Poetry & Prose
n r o The Th By Anika Ades
I stepped on something sharp in the shower Unexpected, when I was used to the wetness And constant danger of slipping The gritty thorn, blood black from where I stood Hurt as I pressed my foot onto it But came as I was sliding, a little So that I halted on the slope to the drain.
I stepped on something sharp in the shower Unexpected, when I was used to the wetness And constant danger of slipping The gritty thorn, blood black from where I stood Hurt as I pressed my foot onto it But came as I was sliding, a little So that I halted on the slope toMAY the2,drain. 2011 TUFTS OBSERVER
Safe campus humor
POLICE BLOTTER Pinching the Stream, Closing the Floodgates, Killing the Flow Monday, April 18 • 1:56 a.m.
In the spirit of springtime growth and bloom, a male student wished to water the front lawn of Gifford House, the home of our dear president and first lady. The officer, however, disagreed with his “special blend” of fertilizer, which was really just urine (it is unclear at this time if it was clear and copious). What ensued was a string of false names and fervent denial that any flow had actually dribbled from his body. His argument didn’t quite ‘hold water,’ seeing as his belt was undone and his pants were resting at his ankles. Oh yeah, and the cop definitely saw a golden stream.
Neighbor Theft Friday, April 15 • 3:07 a.m.
A smooth theft. A clean getaway. An escape to a safehouse. You’d think any Tufts student who has seen any of the assortment of heist movies available in the Tisch Media Library would know the process. Nope. They instead chose to steal the bike of a resident in their own dorm. It was a convenience thing really. Until the original owner noticed the bike had been moved and relocked, promptly called Tufts’ finest and they elicited a guilty, guilty confession. Do your research, man! Poison Ivy on the Hill Saturday, April 16 • 11:49 p.m. Ever the caring host, Tufts police noticed a guest wrestling with the difficult task of walking while intoxicated. Though his friends were supportive (both literally, and I’m sure emotionally), the officer couldn’t resist offering a helping hand. After all, it’s the Tufts, “active citizen,” courteous thing to do! Most ungraciously and unworthy, the student rudely pointed his finger in the startled face of the officer and exclaimed, “Bitch, I go to an Ivy League school!” He was a student at Brown. Police later posited that “he couldn’t get into Tufts.” He could, however, gain admittance to Lawrence Memorial Hospital. —Ilustrated and compiled by Ryan Stolp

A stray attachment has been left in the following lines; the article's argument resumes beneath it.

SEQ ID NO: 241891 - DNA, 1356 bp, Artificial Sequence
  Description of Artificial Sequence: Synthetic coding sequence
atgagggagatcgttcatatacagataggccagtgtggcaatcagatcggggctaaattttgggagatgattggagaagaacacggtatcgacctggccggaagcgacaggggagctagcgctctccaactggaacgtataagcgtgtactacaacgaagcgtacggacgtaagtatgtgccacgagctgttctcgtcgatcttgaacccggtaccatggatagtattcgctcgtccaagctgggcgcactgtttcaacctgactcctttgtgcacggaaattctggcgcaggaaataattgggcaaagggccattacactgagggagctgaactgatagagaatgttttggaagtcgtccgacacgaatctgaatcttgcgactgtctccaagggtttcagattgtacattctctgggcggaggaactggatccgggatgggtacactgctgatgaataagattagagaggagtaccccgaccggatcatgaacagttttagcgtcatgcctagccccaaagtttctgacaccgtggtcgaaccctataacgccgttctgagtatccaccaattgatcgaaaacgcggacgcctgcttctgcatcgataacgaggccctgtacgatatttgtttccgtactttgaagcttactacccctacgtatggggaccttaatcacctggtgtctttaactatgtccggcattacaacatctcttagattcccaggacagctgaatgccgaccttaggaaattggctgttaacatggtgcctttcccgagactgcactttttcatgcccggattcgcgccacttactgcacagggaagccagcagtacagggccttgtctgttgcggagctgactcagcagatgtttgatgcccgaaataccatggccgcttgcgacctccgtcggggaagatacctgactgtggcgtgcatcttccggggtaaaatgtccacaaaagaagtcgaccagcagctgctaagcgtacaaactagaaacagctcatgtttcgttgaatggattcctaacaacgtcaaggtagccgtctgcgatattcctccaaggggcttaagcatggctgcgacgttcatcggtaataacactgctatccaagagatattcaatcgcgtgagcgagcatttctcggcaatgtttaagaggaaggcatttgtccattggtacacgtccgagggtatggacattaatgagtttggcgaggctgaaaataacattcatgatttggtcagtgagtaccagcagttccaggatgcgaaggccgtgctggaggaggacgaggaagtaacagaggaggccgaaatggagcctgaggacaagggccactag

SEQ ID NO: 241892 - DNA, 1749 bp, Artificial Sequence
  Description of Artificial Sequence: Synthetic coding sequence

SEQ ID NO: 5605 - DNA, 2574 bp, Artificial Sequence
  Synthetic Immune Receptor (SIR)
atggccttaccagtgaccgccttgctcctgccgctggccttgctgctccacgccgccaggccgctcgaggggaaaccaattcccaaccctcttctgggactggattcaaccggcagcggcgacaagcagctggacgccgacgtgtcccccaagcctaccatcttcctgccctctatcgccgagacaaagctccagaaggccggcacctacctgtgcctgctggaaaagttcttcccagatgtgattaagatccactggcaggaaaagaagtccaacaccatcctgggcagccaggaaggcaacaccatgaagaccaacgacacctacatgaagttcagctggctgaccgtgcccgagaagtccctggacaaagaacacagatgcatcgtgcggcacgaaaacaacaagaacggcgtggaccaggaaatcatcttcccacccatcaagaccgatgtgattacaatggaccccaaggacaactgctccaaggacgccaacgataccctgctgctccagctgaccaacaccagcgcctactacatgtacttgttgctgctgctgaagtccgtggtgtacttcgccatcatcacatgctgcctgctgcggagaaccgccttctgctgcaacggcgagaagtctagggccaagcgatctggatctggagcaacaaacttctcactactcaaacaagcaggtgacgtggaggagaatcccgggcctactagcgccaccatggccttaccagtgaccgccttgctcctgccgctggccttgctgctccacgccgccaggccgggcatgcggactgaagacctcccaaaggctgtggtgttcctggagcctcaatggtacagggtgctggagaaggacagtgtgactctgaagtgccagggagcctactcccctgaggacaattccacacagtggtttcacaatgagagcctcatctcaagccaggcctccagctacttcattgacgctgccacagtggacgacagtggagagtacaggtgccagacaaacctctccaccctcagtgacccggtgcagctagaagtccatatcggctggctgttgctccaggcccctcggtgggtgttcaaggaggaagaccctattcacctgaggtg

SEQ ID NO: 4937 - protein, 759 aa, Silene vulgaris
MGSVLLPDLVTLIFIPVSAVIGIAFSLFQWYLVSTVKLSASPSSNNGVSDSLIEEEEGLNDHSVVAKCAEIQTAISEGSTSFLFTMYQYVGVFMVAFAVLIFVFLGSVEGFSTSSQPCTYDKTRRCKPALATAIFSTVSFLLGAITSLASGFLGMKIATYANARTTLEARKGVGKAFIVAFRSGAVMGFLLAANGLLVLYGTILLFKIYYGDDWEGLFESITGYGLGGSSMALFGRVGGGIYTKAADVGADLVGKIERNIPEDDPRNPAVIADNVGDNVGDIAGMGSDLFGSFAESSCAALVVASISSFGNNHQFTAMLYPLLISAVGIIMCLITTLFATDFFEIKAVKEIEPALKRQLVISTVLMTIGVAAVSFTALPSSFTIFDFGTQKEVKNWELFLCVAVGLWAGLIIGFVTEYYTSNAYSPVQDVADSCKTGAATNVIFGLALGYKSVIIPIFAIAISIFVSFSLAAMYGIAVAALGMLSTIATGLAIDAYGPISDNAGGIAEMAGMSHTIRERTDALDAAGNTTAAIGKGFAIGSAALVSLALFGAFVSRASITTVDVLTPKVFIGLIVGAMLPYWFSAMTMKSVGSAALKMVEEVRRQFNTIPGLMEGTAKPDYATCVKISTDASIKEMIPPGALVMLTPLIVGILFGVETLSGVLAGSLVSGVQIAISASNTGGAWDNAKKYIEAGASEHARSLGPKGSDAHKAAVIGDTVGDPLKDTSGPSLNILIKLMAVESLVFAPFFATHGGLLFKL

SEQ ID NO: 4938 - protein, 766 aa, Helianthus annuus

MAY 2, 2011